3 Common Canine Degenerative Diseases

Canine Degenerative Diseases


We sure do love our dogs. Sometimes it feels like they understand us better than any human ever could. They sense when we’re sad. They feel our excitement. They celebrate our joy and comfort us when we’re unwell.

Most of all, they love us unconditionally. 

As pet parents, you want to do everything you can to keep your furry family members healthy and happy. 

The best way to do just that is to arm yourself with knowledge. Take the time to learn about potential health problems that may arise. 

Today we’ll talk about degenerative diseases you should have on your radar. We’ll explore causes, symptoms, treatments, and even prevention.

Continue reading for answers to these common questions:

We have a lot to cover in this post, so let’s get right to it.

Disclaimer: This article is meant to educate and inform. The information contained herein should not be substituted for medical advice. If your dog shows symptoms of ill health, consult your veterinarian.

What is a Degenerative Disease?

A degenerative disease comes about when the function and structure of tissues and organs begin to deteriorate progressively. 

Basically, it begins slowly.

You may notice that your dog is a bit more disoriented than usual. He might stumble or wobble when walking. At first, you may chalk it up to fatigue. But you soon notice it doesn’t improve. Instead, the condition worsens until your dog can barely move without pain or difficulty.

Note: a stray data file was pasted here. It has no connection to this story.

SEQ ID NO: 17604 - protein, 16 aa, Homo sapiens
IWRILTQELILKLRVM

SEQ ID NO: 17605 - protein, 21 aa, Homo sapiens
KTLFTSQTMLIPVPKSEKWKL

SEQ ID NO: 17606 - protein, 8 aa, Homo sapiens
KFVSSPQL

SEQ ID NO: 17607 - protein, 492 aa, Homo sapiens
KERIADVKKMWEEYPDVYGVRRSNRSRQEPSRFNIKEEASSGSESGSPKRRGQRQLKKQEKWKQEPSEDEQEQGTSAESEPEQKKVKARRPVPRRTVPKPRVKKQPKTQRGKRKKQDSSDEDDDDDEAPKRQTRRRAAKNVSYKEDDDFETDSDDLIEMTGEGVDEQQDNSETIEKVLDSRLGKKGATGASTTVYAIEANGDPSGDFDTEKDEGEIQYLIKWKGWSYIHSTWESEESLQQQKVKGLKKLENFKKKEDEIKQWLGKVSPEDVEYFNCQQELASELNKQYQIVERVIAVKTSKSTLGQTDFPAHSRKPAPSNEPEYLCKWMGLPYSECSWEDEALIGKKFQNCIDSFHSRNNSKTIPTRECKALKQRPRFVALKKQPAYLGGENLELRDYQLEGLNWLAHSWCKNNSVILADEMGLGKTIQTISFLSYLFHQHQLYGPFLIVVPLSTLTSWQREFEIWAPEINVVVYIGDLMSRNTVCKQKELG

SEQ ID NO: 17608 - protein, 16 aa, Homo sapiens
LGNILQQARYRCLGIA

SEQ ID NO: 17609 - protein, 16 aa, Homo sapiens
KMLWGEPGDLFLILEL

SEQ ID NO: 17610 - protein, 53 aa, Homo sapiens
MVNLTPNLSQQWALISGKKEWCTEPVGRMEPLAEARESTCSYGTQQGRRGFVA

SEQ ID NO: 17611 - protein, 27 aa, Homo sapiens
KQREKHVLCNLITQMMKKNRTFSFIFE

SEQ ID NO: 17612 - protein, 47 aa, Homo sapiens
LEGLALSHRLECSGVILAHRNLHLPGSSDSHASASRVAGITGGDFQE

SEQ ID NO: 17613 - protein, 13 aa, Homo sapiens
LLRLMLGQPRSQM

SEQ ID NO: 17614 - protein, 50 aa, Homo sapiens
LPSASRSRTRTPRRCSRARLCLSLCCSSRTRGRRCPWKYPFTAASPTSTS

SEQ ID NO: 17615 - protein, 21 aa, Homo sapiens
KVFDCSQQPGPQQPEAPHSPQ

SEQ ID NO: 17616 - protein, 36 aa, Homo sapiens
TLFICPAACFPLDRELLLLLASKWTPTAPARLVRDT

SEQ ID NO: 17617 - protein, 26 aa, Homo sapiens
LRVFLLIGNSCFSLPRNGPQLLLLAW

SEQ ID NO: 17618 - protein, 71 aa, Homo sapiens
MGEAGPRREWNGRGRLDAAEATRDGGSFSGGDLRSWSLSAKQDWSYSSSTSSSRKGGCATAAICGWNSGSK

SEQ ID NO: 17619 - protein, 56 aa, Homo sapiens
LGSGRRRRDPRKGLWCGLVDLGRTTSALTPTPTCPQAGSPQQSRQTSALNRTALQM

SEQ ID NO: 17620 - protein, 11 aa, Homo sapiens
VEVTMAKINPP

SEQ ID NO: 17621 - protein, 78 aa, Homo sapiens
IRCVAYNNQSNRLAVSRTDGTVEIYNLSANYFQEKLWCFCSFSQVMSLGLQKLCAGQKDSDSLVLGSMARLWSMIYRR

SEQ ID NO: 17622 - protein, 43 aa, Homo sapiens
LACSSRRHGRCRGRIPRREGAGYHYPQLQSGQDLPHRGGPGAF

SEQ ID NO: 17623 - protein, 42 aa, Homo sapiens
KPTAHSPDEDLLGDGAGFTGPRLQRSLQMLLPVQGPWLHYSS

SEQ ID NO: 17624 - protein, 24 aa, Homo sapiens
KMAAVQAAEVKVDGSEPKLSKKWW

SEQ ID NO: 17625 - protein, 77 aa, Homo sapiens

Degenerative diseases can cause permanent disability, and even death, in all dog breeds.

Let’s take a closer look at three common canine degenerative diseases.

Degenerative Lumbosacral Stenosis (DLSS)

Degenerative lumbosacral stenosis (aka Cauda equine syndrome) is an extremely common disease.

DLSS is the deterioration of the lumbosacral disc—a disc in the lower regions of the spine—and is caused by compression of the soft tissue and nerve roots in the lower back

Compression can be caused by an instability in the spinal column or by a vertebral malformation, which causes back pain and difficulty walking. It is seen predominantly in large breed dogs, like German Shepherds, between the ages of seven and eight.

DLSS Symptoms

      • Dragging of hind limbs due to pain
      • Difficulty climbing stairs
      • Lack of interest in exercise
      • Discomfort passing urine or feces
      • Loss of appetite
      • Aggression

DLSS Treatment

Pet parents can choose conservative treatment or decompressive surgery

Conservative treatment with non-steroidal anti-inflammatory drugs (NSAIDs) is recommended for dogs with pain, and whose lifestyle does not include strenuous activity. 

More active dogs might consider surgery to correct the problem.

Seventy nine percent (79%) of dogs in a preliminary study were considered by their owners to be free of symptoms after undergoing this treatment. However, recurrence of clinical signs was reported in 18 – 37% of dogs.

NSAIDs may also cause unwanted side effects. 

Cervical Spondylomyelopathy (CSM)

Cervical spondylomyelopathy (aka Wobbler syndrome) is a disease of the cervical spine—the vertebrae of the neck region. 

CSM is caused by compressed spinal cord and nerve roots, which can lead to neurological defects and neck pain. No one knows for sure what causes CSM, but we do know it is seen mostly in large dog breeds such as Doberman Pinschers and Great Danes. 

CSM usually manifests before the age of three. 

CSM (Wobbler Syndrome) Symptoms